December 18, 2013
STATE OF IOWA, Plaintiff-Appellee,
JENNIFER WASSON, Defendant-Appellant.
Appeal from the Iowa District Court for Dallas County, Virginia Cobb, District Associate Judge.
The defendant appeals the decision of the district court, which affirmed a decision of a magistrate, finding she was guilty of speeding.
Joseph G. Bertogli, Des Moines, for appellant.
Thomas J. Miller, Attorney General, Kyle Hanson, Assistant Attorney General, Wayne M. Reisetter, County Attorney, and Brody Flint, Intern, for appellee.
Considered by Danilson, C.J., Vaitheswaran, J., and Miller, S.J. [*]
I. Background Facts & Proceedings
At about midnight on December 22, 2011, Sergeant Ryan Bowers of the Dallas County Sheriff's Office was driving east on a county road in an unmarked vehicle. After he passed a private road to a liquor establishment, Beach Girls, he saw a car turn onto the road behind him. After a short distance, the car made a U-turn and proceeded west on the road at a high rate of speed, going more than sixty miles per hour in a forty-five miles per hour zone. Sergeant Bowers turned around, and in an effort to catch up to the vehicle, reached speeds of 130 to 135 miles per hour. When he got close to the vehicle his radar indicated the vehicle was traveling at ninety-nine miles per hour in a fifty-five miles per hour zone.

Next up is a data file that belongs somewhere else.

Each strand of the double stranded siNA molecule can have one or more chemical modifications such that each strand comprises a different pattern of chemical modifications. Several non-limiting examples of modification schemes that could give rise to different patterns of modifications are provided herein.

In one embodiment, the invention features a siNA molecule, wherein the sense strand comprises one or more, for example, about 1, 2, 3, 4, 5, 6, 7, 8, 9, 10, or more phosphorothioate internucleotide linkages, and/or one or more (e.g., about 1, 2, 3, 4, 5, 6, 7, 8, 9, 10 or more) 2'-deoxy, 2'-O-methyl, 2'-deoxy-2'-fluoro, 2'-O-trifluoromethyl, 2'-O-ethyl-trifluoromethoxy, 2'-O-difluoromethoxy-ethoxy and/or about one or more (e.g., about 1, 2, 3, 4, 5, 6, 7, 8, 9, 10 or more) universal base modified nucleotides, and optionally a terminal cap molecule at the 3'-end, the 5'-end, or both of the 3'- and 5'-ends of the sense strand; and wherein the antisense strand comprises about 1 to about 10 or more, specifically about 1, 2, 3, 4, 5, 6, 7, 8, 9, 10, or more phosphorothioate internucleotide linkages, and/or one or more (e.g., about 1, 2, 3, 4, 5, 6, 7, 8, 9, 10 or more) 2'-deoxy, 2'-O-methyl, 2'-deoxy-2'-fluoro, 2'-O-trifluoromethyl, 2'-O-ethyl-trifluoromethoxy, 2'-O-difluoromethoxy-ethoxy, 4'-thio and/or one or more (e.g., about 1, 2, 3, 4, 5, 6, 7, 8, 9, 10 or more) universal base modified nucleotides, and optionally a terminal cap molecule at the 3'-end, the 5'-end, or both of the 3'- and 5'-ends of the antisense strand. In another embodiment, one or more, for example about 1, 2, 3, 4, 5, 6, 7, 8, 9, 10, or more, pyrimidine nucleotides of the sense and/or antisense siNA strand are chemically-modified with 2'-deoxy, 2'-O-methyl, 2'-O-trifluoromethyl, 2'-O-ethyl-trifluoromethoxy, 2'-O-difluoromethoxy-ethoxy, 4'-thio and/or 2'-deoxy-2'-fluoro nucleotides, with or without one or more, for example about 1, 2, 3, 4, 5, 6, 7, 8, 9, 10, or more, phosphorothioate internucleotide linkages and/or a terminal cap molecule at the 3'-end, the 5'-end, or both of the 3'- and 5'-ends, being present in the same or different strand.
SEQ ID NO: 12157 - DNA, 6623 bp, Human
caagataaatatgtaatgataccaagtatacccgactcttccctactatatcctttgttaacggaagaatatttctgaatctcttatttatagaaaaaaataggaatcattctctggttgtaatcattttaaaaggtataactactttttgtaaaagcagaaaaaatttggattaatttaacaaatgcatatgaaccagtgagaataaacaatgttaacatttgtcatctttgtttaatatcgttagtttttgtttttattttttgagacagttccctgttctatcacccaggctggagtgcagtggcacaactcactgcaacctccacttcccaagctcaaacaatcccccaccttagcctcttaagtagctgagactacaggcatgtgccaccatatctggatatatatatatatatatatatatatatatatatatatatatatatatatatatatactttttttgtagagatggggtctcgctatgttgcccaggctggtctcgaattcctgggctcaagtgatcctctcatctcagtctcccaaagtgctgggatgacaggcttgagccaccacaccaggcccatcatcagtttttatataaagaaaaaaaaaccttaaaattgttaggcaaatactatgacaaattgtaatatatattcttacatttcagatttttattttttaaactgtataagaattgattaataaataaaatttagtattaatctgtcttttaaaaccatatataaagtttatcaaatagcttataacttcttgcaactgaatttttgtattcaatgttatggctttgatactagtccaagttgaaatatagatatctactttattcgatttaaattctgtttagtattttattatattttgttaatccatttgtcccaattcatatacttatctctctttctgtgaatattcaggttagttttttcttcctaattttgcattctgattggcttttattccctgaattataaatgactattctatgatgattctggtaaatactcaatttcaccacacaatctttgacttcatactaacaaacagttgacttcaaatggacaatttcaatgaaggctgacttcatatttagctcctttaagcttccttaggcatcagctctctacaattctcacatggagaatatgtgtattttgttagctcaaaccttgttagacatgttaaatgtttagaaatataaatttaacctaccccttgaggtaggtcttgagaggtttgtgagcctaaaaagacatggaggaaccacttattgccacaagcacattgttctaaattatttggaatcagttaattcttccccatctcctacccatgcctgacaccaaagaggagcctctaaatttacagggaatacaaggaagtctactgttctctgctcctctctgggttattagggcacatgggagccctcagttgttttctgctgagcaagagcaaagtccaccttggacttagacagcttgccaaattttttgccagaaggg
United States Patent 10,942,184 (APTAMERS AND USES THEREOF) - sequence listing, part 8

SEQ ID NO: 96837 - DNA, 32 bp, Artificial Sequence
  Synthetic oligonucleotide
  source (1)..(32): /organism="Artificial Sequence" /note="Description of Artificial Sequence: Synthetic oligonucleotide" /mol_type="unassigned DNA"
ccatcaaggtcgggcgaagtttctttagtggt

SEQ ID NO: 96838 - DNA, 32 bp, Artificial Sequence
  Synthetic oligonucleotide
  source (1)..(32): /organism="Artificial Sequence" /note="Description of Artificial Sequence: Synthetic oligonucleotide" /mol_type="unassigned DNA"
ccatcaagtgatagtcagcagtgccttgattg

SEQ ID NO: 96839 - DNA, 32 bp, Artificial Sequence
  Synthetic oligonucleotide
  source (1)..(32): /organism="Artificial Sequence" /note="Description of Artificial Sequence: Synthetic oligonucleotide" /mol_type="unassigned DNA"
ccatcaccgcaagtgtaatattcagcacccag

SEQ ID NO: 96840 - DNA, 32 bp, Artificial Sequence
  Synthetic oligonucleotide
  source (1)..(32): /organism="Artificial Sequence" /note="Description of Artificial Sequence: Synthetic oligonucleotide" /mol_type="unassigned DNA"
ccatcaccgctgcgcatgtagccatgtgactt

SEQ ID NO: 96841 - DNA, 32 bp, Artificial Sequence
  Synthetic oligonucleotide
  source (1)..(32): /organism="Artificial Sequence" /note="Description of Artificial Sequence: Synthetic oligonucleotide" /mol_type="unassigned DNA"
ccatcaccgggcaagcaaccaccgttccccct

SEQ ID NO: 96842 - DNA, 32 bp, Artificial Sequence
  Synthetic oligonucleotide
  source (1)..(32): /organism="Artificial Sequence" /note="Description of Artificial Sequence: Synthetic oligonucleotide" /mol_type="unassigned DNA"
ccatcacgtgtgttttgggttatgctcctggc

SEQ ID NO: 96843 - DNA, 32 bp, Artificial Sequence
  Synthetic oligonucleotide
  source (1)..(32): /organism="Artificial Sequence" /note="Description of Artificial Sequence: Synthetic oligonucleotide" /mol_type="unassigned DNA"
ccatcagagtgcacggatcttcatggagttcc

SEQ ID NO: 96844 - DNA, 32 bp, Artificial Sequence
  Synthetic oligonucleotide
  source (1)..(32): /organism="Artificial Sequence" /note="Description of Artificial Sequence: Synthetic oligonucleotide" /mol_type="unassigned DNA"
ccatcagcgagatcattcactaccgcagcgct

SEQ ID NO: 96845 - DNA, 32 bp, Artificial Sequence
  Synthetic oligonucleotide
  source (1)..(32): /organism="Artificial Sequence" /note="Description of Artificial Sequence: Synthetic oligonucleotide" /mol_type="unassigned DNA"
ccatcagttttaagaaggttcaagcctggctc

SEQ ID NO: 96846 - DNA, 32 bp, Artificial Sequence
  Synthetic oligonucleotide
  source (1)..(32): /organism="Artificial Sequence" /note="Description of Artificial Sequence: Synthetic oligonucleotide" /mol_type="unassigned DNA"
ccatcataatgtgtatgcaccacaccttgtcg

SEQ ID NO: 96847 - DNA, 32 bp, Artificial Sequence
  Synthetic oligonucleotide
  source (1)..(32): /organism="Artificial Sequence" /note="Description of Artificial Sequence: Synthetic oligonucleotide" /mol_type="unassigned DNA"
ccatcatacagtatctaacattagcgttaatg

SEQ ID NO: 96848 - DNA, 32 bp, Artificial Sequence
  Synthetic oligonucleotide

Sergeant Bowers activated his lights and stopped the vehicle near Booneville, Iowa, in Dallas County. The driver was Jennifer Wasson. She stated she worked at Beach Girls as a dancer and had been speeding because she was afraid her ex-boyfriend or a customer was stalking her. Sergeant Bowers gave Wasson a citation for speeding, in violation of Iowa Code section 321.285 (2011), a simple misdemeanor.
Wasson requested a hearing, and a magistrate heard the case on April 4, 2012. Sergeant Bowers testified as outlined above. Wasson testified that when she saw headlights behind her she got scared. She stated, "So, you know, I sped up. I bet I probably did speed up to about 60, 65. And then I noticed they were getting closer and closer, and so I just went a lot faster and a lot faster, and they were coming closer, closer, closer." Wasson stated she thought someone was chasing her; "I was in fear for my life, and I was just trying to get to a safe place as fast as I could."